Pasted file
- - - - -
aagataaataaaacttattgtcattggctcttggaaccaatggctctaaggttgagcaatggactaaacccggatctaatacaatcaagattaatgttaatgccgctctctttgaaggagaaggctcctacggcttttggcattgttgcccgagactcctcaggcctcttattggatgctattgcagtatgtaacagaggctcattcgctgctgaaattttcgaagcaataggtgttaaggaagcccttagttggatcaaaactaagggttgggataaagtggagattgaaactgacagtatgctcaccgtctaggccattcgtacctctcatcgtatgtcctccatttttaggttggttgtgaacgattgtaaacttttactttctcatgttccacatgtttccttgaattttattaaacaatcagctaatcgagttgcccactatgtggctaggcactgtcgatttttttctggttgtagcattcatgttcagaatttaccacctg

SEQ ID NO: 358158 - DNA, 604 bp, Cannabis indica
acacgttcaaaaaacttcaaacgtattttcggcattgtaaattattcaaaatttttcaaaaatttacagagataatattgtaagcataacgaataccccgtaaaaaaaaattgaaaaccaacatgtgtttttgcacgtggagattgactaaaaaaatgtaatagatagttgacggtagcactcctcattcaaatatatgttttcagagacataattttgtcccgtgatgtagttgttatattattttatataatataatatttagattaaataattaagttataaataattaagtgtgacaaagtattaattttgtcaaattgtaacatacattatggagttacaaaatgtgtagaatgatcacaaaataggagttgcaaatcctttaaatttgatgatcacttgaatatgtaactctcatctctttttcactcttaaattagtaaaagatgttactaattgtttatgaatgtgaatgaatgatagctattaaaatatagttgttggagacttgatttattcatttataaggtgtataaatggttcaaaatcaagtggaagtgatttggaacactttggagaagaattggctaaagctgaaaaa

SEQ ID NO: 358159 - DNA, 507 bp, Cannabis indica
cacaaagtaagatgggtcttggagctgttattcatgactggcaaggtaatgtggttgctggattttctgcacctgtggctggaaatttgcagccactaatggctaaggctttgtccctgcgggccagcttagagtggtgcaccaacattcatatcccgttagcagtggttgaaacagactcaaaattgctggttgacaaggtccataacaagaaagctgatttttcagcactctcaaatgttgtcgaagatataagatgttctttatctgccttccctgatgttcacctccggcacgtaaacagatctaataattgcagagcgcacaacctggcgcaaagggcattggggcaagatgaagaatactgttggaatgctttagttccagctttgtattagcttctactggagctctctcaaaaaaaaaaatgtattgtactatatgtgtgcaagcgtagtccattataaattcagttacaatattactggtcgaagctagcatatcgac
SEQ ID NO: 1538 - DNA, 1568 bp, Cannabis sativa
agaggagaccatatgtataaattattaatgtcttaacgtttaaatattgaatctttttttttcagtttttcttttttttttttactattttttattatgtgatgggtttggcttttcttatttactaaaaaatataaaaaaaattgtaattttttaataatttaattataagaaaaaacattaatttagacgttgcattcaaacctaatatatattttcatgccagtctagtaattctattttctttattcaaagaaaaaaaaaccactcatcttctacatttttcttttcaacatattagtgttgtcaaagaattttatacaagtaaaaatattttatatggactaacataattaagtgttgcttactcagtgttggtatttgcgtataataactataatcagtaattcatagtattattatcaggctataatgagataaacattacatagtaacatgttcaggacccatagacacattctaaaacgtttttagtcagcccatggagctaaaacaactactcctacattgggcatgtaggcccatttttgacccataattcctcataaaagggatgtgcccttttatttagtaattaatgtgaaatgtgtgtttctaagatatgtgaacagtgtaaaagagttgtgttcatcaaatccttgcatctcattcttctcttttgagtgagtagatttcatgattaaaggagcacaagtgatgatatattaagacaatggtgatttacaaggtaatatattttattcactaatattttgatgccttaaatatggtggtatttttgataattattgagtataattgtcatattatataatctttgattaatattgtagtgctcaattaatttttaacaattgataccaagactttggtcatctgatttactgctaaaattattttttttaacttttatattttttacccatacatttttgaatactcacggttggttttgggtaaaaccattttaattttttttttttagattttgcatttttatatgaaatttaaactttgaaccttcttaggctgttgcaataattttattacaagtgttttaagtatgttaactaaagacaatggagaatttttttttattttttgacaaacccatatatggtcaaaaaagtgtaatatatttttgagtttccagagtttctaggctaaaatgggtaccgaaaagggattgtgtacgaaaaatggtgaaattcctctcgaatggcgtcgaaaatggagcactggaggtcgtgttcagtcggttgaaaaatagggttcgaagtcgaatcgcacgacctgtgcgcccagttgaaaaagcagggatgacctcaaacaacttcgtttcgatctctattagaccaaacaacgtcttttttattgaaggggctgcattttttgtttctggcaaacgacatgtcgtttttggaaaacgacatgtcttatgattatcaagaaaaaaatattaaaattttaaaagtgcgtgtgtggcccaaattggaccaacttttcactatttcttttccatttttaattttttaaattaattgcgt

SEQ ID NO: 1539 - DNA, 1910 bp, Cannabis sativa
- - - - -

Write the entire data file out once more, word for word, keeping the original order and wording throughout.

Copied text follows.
aagataaataaaacttattgtcattggctcttggaaccaatggctctaaggttgagcaatggactaaacccggatctaatacaatcaagattaatgttaatgccgctctctttgaaggagaaggctcctacggcttttggcattgttgcccgagactcctcaggcctcttattggatgctattgcagtatgtaacagaggctcattcgctgctgaaattttcgaagcaataggtgttaaggaagcccttagttggatcaaaactaagggttgggataaagtggagattgaaactgacagtatgctcaccgtctaggccattcgtacctctcatcgtatgtcctccatttttaggttggttgtgaacgattgtaaacttttactttctcatgttccacatgtttccttgaattttattaaacaatcagctaatcgagttgcccactatgtggctaggcactgtcgatttttttctggttgtagcattcatgttcagaatttaccacctg

SEQ ID NO: 358158 - DNA, 604 bp, Cannabis indica
acacgttcaaaaaacttcaaacgtattttcggcattgtaaattattcaaaatttttcaaaaatttacagagataatattgtaagcataacgaataccccgtaaaaaaaaattgaaaaccaacatgtgtttttgcacgtggagattgactaaaaaaatgtaatagatagttgacggtagcactcctcattcaaatatatgttttcagagacataattttgtcccgtgatgtagttgttatattattttatataatataatatttagattaaataattaagttataaataattaagtgtgacaaagtattaattttgtcaaattgtaacatacattatggagttacaaaatgtgtagaatgatcacaaaataggagttgcaaatcctttaaatttgatgatcacttgaatatgtaactctcatctctttttcactcttaaattagtaaaagatgttactaattgtttatgaatgtgaatgaatgatagctattaaaatatagttgttggagacttgatttattcatttataaggtgtataaatggttcaaaatcaagtggaagtgatttggaacactttggagaagaattggctaaagctgaaaaa

SEQ ID NO: 358159 - DNA, 507 bp, Cannabis indica
cacaaagtaagatgggtcttggagctgttattcatgactggcaaggtaatgtggttgctggattttctgcacctgtggctggaaatttgcagccactaatggctaaggctttgtccctgcgggccagcttagagtggtgcaccaacattcatatcccgttagcagtggttgaaacagactcaaaattgctggttgacaaggtccataacaagaaagctgatttttcagcactctcaaatgttgtcgaagatataagatgttctttatctgccttccctgatgttcacctccggcacgtaaacagatctaataattgcagagcgcacaacctggcgcaaagggcattggggcaagatgaagaatactgttggaatgctttagttccagctttgtattagcttctactggagctctctcaaaaaaaaaaatgtattgtactatatgtgtgcaagcgtagtccattataaattcagttacaatattactggtcgaagctagcatatcgac
SEQ ID NO: 1538 - DNA, 1568 bp, Cannabis sativa
agaggagaccatatgtataaattattaatgtcttaacgtttaaatattgaatctttttttttcagtttttcttttttttttttactattttttattatgtgatgggtttggcttttcttatttactaaaaaatataaaaaaaattgtaattttttaataatttaattataagaaaaaacattaatttagacgttgcattcaaacctaatatatattttcatgccagtctagtaattctattttctttattcaaagaaaaaaaaaccactcatcttctacatttttcttttcaacatattagtgttgtcaaagaattttatacaagtaaaaatattttatatggactaacataattaagtgttgcttactcagtgttggtatttgcgtataataactataatcagtaattcatagtattattatcaggctataatgagataaacattacatagtaacatgttcaggacccatagacacattctaaaacgtttttagtcagcccatggagctaaaacaactactcctacattgggcatgtaggcccatttttgacccataattcctcataaaagggatgtgcccttttatttagtaattaatgtgaaatgtgtgtttctaagatatgtgaacagtgtaaaagagttgtgttcatcaaatccttgcatctcattcttctcttttgagtgagtagatttcatgattaaaggagcacaagtgatgatatattaagacaatggtgatttacaaggtaatatattttattcactaatattttgatgccttaaatatggtggtatttttgataattattgagtataattgtcatattatataatctttgattaatattgtagtgctcaattaatttttaacaattgataccaagactttggtcatctgatttactgctaaaattattttttttaacttttatattttttacccatacatttttgaatactcacggttggttttgggtaaaaccattttaattttttttttttagattttgcatttttatatgaaatttaaactttgaaccttcttaggctgttgcaataattttattacaagtgttttaagtatgttaactaaagacaatggagaatttttttttattttttgacaaacccatatatggtcaaaaaagtgtaatatatttttgagtttccagagtttctaggctaaaatgggtaccgaaaagggattgtgtacgaaaaatggtgaaattcctctcgaatggcgtcgaaaatggagcactggaggtcgtgttcagtcggttgaaaaatagggttcgaagtcgaatcgcacgacctgtgcgcccagttgaaaaagcagggatgacctcaaacaacttcgtttcgatctctattagaccaaacaacgtcttttttattgaaggggctgcattttttgtttctggcaaacgacatgtcgtttttggaaaacgacatgtcttatgattatcaagaaaaaaatattaaaattttaaaagtgcgtgtgtggcccaaattggaccaacttttcactatttcttttccatttttaattttttaaattaattgcgt

SEQ ID NO: 1539 - DNA, 1910 bp, Cannabis sativa